"Richard Cory" by Edwin Arlington Robinson is a narrative poem. It uses a first-person plural narrator that represents the voice of the people in the town. This sort of narrator is similar to the chorus of Greek tragedy, representing a sort of normative viewpoint.
The poem is written in stanza form. It consists of four open quatrains and uses end rhymes following the pattern ABAB. The rhymes are full rhymes on stressed syllables, rather than feminine or slant rhymes.
The primary meter of the poem is iambic pentameter. This means that each line consists of five iambic feet. An iamb is a pattern of an unstressed syllable followed by a stressed syllable. There are several metrical variations in the poem, including spondaic and anapestic substitutions.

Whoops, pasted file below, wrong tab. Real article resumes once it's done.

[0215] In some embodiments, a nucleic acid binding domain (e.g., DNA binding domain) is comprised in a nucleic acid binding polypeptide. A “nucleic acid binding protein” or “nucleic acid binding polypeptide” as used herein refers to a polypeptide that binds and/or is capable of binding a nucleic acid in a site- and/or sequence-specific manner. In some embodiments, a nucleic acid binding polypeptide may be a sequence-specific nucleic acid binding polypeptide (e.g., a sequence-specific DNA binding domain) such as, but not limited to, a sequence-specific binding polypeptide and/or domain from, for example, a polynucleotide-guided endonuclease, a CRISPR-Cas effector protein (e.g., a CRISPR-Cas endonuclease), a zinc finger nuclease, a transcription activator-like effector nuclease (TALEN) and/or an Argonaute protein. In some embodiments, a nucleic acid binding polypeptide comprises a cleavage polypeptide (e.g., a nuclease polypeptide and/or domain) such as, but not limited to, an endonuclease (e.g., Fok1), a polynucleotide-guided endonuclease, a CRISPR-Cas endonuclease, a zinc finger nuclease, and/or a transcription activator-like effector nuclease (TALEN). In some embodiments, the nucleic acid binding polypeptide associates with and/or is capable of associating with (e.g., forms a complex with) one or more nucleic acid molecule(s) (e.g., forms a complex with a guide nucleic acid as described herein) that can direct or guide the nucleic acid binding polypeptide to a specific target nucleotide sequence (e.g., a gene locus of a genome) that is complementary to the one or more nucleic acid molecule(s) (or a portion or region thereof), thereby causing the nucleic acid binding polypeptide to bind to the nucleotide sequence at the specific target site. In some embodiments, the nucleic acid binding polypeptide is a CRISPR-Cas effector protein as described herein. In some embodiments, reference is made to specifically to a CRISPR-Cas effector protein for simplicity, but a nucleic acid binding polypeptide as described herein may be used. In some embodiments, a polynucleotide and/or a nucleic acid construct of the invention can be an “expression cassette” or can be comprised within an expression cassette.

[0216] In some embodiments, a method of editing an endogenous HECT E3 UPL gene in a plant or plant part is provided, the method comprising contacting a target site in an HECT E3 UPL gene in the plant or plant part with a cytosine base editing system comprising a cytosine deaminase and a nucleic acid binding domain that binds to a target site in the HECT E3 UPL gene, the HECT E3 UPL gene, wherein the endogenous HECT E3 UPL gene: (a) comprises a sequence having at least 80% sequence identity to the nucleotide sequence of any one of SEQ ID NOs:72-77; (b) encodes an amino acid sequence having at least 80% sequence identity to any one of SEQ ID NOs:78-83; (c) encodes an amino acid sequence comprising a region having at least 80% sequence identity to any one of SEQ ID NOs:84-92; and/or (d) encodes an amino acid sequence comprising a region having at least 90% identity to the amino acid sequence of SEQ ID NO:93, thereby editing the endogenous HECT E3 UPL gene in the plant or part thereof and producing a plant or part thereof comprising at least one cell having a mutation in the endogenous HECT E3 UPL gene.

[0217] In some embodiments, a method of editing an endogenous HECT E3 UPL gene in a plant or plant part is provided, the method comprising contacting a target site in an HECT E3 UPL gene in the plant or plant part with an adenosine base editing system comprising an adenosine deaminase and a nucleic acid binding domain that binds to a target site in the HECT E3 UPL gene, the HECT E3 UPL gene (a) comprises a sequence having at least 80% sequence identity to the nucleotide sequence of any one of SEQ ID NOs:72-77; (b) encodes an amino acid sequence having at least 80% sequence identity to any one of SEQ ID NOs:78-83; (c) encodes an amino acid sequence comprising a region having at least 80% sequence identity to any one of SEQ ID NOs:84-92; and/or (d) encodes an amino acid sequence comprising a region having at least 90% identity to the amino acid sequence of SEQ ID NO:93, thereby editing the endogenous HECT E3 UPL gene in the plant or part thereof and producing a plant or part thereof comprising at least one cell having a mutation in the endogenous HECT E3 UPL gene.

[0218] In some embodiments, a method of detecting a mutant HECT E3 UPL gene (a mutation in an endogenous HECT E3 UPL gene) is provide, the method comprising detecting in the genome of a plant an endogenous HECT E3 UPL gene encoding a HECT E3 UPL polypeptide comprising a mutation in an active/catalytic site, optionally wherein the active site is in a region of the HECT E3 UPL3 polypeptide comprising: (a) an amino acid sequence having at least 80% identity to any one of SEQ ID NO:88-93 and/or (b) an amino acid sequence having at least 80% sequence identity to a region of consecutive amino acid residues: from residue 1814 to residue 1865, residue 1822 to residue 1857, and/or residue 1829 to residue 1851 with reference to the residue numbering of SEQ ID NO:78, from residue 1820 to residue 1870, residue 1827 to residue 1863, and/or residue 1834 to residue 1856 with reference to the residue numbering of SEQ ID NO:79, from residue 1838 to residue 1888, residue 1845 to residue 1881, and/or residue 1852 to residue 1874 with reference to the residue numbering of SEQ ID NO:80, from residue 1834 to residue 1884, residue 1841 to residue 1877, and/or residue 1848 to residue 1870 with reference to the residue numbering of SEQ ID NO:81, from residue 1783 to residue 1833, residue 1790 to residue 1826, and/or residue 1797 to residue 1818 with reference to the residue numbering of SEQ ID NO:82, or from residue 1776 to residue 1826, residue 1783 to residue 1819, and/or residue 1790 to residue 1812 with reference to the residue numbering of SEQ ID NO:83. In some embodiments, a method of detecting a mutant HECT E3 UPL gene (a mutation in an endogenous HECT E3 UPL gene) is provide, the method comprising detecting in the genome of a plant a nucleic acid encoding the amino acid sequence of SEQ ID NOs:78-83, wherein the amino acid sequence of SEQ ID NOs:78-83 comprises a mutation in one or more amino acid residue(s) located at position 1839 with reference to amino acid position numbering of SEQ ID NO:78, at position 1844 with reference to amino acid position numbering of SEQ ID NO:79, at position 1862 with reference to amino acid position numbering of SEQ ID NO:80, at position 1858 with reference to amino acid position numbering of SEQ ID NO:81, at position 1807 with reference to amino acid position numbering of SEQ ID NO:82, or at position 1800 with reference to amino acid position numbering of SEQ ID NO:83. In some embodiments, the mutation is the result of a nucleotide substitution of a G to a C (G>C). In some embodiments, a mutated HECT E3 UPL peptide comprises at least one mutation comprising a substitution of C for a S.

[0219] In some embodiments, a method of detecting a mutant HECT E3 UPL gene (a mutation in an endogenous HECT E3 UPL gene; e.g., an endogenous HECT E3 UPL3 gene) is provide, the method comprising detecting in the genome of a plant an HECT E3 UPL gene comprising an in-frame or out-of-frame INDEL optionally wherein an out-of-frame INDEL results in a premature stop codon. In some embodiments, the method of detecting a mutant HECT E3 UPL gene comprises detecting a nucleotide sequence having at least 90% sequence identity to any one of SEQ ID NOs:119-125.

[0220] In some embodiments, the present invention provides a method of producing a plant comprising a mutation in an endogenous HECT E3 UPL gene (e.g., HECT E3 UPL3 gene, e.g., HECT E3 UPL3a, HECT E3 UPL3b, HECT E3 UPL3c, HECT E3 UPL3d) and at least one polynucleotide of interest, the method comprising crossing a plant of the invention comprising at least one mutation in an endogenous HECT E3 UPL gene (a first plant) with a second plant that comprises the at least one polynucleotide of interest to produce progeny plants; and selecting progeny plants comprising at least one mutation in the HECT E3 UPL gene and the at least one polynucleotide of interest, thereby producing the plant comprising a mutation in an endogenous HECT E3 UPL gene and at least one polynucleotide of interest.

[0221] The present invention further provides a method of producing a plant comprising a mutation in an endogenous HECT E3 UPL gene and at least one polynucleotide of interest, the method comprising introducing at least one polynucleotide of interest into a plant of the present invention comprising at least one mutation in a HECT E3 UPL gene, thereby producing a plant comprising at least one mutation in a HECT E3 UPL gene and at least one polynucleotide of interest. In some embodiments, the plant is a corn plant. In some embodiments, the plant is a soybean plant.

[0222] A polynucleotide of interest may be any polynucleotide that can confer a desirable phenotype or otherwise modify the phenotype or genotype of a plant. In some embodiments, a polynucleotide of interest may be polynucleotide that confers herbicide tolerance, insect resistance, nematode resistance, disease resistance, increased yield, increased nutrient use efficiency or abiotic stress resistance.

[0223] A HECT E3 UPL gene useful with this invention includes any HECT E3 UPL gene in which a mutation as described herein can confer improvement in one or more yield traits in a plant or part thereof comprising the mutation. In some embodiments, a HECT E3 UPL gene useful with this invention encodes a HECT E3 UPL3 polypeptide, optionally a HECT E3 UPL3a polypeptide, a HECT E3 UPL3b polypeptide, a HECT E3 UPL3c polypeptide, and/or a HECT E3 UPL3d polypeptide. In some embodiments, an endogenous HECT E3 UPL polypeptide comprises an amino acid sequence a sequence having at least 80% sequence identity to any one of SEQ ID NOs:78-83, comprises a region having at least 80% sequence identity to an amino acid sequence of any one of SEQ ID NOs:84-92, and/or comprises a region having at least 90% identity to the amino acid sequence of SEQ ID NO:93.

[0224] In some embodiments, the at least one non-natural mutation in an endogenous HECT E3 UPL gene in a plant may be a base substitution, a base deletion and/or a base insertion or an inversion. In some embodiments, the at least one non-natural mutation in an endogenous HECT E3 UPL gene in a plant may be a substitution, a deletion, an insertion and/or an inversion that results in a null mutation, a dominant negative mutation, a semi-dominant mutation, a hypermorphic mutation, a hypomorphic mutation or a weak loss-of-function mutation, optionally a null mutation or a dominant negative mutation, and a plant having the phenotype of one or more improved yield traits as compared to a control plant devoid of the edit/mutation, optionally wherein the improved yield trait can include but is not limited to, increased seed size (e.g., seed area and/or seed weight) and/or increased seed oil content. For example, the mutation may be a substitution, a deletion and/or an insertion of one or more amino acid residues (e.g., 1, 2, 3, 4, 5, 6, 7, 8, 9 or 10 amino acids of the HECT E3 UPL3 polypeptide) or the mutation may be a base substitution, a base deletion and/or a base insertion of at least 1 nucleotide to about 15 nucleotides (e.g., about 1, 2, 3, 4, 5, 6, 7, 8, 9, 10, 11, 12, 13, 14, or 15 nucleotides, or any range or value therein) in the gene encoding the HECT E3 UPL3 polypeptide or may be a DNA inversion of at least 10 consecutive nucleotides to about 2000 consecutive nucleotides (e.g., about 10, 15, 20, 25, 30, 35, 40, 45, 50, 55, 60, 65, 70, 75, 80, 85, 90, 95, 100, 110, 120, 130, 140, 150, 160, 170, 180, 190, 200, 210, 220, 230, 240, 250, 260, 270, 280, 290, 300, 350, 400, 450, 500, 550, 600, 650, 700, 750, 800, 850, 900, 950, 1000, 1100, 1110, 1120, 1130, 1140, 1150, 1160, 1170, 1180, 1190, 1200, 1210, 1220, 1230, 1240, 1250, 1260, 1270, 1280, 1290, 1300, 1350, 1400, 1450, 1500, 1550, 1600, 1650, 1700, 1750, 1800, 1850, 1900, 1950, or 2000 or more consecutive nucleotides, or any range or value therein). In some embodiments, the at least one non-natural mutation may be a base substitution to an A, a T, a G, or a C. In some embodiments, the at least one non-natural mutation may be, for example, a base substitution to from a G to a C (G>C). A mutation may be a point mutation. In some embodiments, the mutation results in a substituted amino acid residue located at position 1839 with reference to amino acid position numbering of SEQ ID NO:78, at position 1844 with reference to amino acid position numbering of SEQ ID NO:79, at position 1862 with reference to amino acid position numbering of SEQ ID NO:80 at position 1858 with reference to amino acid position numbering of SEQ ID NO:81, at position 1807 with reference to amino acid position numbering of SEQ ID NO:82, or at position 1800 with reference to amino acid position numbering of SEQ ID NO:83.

The poem also uses figures of speech. One such figure is metaphor, which means an implicit comparison not using explicit comparative terms such as "like" or "as." Another figure of speech used in the poem is hyperbole or exaggeration. An example of this...
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